A recent decision in the U.S. District Court for the Western District of Oklahoma, Terra Walker et al. v. Kingfisher Wind, LLC, No. 5:14-cv-914-D, Doc. 160 (W.D. Okla. Dec. 13, 2016), could sound a death knell for nuisance suits against wind farm operators and potentially the entire energy industry. In short, the court held that proof of a reasonable probability of injury must be established through evidence beyond mere speculation in order for such litigation to survive to trial.

In Terra Walker, the Oklahoma Wind Action Association (OWAA) and seven individual landowner plaintiffs sought to enjoin Kingfisher Wind, LLC, from the construction and then continued operation of a wind farm (the “Project”) under theories of anticipatory nuisance and anticipatory trespass. Under their anticipatory nuisance claim, the plaintiffs specifically alleged, inter alia, that the 149 turbines would cause adverse health effects, emit noise, cause “shadow flicker” and destroy the natural landscape. The plaintiffs supported these allegations with two expert opinions and sought a 1.72-mile setback of the Project from their properties.

Kingfisher successfully moved to dismiss the plaintiffs’ anticipatory trespass claim and moved for summary judgment as to the merits of the plaintiffs’ anticipatory nuisance claim.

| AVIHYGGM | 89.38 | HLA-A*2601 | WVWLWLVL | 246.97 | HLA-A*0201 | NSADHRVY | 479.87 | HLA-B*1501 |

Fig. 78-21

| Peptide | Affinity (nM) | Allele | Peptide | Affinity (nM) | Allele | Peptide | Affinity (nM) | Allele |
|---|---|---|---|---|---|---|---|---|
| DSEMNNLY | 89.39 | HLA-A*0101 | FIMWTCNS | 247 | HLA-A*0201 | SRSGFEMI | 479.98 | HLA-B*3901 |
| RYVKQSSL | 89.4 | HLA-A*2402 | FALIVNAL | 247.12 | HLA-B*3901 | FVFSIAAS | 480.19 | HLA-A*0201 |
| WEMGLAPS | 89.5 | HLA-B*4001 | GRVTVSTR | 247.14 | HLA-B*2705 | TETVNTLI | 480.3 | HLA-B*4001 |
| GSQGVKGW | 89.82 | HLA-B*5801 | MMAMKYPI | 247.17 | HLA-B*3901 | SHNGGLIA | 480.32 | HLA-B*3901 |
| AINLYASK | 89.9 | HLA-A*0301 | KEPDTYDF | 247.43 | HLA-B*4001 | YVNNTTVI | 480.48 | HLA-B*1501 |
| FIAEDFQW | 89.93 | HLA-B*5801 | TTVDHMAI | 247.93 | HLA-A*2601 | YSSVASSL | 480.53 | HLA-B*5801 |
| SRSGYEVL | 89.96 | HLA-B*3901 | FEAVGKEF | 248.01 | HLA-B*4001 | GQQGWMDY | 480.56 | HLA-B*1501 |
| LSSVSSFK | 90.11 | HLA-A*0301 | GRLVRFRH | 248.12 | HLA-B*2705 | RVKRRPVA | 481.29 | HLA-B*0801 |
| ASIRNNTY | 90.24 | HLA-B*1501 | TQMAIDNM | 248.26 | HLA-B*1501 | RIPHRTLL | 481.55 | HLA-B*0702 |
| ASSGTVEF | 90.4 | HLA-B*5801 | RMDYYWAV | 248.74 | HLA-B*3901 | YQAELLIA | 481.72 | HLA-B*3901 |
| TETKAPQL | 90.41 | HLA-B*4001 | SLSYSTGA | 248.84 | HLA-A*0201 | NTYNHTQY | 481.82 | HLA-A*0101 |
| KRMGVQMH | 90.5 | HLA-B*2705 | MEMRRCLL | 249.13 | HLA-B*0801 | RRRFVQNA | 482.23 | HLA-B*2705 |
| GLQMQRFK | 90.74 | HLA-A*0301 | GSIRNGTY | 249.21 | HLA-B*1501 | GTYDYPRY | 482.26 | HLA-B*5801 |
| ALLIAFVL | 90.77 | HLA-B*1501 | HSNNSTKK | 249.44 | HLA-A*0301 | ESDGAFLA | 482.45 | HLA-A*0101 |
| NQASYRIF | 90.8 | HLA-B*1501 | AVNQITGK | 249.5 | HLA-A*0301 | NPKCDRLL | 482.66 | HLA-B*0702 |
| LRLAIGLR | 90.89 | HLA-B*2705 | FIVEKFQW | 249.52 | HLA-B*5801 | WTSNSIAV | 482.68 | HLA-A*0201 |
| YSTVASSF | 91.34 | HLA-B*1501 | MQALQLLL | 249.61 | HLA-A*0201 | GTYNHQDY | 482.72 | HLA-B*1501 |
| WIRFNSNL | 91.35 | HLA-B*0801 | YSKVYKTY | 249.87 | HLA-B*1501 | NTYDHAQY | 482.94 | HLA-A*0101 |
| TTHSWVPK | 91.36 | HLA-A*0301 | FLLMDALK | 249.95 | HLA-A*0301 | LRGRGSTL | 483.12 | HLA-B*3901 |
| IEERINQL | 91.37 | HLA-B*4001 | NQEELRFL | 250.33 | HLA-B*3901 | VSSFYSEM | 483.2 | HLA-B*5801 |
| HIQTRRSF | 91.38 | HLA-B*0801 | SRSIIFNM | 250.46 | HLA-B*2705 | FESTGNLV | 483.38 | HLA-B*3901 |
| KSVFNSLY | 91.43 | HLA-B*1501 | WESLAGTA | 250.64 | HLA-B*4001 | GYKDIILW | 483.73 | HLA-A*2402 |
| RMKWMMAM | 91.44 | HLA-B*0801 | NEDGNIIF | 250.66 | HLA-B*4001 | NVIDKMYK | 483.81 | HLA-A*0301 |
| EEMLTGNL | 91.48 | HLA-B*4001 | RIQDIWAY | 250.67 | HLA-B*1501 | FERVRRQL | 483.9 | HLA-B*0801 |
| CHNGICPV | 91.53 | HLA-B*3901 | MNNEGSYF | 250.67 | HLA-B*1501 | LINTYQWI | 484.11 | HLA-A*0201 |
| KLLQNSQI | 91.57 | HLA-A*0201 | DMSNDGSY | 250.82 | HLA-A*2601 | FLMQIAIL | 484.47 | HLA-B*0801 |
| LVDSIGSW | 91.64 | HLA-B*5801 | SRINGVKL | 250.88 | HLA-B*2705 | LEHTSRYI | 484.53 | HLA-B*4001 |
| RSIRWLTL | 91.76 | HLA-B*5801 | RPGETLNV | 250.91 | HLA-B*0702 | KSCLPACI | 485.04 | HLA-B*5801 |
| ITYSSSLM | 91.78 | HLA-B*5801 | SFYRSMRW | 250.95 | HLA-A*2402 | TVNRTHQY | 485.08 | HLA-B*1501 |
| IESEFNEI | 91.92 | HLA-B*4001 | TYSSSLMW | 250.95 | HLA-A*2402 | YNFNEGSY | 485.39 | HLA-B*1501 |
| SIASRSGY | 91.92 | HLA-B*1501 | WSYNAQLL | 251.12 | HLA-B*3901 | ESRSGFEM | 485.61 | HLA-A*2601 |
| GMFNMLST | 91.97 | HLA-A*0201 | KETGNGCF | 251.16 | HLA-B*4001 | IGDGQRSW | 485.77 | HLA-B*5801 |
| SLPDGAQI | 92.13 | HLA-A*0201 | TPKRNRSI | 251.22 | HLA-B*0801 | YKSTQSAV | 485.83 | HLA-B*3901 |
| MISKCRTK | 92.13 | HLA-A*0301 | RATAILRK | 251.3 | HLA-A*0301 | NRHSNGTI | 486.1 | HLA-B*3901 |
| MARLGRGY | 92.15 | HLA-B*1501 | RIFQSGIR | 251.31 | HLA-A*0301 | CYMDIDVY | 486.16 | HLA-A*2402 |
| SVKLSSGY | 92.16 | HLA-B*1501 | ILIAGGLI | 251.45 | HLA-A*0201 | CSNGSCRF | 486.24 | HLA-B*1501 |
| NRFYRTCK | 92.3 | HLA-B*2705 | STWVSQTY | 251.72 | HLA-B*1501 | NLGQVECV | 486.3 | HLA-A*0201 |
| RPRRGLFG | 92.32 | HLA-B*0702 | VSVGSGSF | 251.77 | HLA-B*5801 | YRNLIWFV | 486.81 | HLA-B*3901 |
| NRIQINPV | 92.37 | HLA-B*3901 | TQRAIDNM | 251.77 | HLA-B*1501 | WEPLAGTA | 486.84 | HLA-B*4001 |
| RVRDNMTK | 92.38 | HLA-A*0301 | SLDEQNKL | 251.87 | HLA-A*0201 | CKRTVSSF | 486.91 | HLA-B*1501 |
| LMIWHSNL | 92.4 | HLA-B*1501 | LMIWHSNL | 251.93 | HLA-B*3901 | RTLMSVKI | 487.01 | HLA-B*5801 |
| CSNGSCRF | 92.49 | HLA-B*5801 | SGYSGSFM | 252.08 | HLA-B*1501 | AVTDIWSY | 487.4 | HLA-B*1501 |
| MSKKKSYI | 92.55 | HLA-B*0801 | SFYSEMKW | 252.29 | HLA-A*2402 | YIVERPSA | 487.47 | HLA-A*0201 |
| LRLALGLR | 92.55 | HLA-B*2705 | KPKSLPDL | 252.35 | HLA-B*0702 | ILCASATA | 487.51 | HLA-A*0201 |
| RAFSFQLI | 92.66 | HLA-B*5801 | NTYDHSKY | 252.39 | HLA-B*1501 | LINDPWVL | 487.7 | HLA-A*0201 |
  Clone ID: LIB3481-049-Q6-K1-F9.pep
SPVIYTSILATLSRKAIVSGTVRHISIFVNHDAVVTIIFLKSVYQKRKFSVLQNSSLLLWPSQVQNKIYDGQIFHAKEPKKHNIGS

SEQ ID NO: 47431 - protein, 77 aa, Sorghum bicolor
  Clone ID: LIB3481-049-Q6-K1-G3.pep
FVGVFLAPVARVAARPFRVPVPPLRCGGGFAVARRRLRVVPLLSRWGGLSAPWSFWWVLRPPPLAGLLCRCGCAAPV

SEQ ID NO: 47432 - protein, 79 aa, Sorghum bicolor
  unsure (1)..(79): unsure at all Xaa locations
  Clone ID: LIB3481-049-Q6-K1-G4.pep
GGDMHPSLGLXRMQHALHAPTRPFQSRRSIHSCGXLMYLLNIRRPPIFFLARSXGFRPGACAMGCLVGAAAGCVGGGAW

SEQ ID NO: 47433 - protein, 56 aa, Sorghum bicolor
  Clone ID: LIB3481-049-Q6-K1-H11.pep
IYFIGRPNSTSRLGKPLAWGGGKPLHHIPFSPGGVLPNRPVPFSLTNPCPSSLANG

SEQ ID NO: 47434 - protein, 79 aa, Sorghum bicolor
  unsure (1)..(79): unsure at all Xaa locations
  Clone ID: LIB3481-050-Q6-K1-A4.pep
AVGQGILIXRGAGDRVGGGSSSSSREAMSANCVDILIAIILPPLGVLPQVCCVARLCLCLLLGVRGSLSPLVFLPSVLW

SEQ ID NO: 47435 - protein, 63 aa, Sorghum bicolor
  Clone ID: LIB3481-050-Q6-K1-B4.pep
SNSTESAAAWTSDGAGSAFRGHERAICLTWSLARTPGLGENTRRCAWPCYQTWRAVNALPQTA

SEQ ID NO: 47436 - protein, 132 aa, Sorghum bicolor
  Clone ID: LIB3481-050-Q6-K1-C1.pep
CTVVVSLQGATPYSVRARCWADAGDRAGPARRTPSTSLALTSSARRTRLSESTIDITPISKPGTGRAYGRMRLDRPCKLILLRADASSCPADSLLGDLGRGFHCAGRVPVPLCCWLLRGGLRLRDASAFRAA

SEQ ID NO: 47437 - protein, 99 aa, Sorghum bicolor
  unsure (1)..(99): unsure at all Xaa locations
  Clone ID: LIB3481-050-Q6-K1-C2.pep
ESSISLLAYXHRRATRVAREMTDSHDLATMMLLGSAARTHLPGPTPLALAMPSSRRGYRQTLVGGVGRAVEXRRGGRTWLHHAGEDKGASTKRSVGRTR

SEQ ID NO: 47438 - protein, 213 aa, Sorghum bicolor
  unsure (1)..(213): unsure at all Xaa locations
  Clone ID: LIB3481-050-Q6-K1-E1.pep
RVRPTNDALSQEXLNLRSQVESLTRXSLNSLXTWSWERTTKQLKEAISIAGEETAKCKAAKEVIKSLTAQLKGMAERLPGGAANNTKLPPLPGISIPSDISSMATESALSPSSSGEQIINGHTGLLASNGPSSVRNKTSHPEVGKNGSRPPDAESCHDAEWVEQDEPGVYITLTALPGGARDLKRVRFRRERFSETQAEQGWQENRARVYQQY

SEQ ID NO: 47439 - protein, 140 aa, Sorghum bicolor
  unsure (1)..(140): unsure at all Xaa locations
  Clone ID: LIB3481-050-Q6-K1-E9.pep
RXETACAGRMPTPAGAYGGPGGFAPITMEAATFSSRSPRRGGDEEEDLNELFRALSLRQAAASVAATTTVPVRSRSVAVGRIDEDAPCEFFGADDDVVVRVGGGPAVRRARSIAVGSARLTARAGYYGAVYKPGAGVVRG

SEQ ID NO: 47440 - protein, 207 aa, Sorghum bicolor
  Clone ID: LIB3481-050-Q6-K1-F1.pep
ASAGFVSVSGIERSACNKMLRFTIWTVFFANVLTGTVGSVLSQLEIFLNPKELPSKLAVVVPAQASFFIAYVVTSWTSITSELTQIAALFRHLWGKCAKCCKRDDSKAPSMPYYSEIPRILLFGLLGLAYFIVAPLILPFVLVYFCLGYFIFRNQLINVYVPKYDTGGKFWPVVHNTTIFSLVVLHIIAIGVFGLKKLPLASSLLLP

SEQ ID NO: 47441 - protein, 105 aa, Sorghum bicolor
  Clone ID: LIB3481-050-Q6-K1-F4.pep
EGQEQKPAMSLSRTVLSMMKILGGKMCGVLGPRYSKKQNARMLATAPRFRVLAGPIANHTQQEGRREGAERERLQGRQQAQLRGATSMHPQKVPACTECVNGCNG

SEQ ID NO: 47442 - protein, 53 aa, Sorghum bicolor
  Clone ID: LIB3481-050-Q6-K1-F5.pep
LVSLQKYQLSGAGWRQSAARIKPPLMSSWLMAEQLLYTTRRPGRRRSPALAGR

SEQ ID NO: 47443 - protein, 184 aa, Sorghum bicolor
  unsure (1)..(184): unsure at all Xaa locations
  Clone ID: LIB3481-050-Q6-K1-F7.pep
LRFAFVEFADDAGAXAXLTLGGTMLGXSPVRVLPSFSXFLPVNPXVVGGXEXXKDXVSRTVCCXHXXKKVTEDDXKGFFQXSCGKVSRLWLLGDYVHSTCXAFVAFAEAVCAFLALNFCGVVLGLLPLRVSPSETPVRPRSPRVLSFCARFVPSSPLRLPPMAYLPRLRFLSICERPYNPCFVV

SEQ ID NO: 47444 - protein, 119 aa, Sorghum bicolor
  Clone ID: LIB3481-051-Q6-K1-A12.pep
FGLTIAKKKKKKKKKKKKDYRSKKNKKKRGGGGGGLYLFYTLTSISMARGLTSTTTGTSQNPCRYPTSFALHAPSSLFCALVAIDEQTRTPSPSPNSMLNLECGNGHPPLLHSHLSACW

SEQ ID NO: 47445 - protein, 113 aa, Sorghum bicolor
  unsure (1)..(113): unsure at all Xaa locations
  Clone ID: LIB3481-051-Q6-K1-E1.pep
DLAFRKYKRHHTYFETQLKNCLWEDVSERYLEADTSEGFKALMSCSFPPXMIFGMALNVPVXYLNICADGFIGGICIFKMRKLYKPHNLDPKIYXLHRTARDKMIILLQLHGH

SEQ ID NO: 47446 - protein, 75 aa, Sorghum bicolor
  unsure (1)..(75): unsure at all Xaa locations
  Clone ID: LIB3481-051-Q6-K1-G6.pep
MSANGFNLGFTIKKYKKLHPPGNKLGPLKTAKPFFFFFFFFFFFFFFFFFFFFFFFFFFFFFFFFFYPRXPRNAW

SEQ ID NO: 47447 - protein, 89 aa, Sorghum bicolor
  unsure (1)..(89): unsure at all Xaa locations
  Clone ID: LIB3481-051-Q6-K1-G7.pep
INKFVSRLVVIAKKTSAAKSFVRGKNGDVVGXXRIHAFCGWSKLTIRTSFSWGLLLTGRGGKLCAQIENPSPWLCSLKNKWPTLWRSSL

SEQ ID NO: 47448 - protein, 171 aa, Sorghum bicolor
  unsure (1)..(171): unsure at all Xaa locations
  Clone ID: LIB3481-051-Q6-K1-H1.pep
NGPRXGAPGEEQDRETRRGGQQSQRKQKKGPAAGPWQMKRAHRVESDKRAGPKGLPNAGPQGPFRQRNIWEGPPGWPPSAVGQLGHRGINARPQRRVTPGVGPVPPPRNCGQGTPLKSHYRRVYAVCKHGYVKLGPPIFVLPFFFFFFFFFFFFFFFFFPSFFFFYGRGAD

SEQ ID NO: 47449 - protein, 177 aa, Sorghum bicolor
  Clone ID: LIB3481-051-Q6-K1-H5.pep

With the plaintiffs’ evidence focusing almost entirely on adverse health effects caused by “shadow flicker” or (infra) sound from the turbines and the aesthetic annoyance caused by the Project generally, the court determined that the plaintiffs failed to make the requisite showing of likely harm — a reasonable probability that an injury would occur beyond mere speculation. Moreover, already hesitant to grant extraordinary relief in any case, the court declined to do so not only because the plaintiffs failed to demonstrate likely harm, but also because the balance of the hardships between the parties could not be viewed as favoring the plaintiffs, given the massive costs already expended in the now-operational Project. The court suggested that this was due, in part, to the plaintiffs’ related failure to request a preliminary injunction before or during construction.

This case’s outcome, which is in line with recent decisions in several other states where landowners have attempted to claim that neighboring wind farms are a nuisance, is important for the wind industry, as well as the energy industry as a whole. Nonetheless, although anticipatory nuisance claims, such as the one in this case, are not ordinarily upheld, they can slow projects and add additional costs, particularly where the plaintiff seeks a preliminary injunction before the project begins in earnest. And, of course, courts may entertain nuisance cases where actual proof of injury can be shown.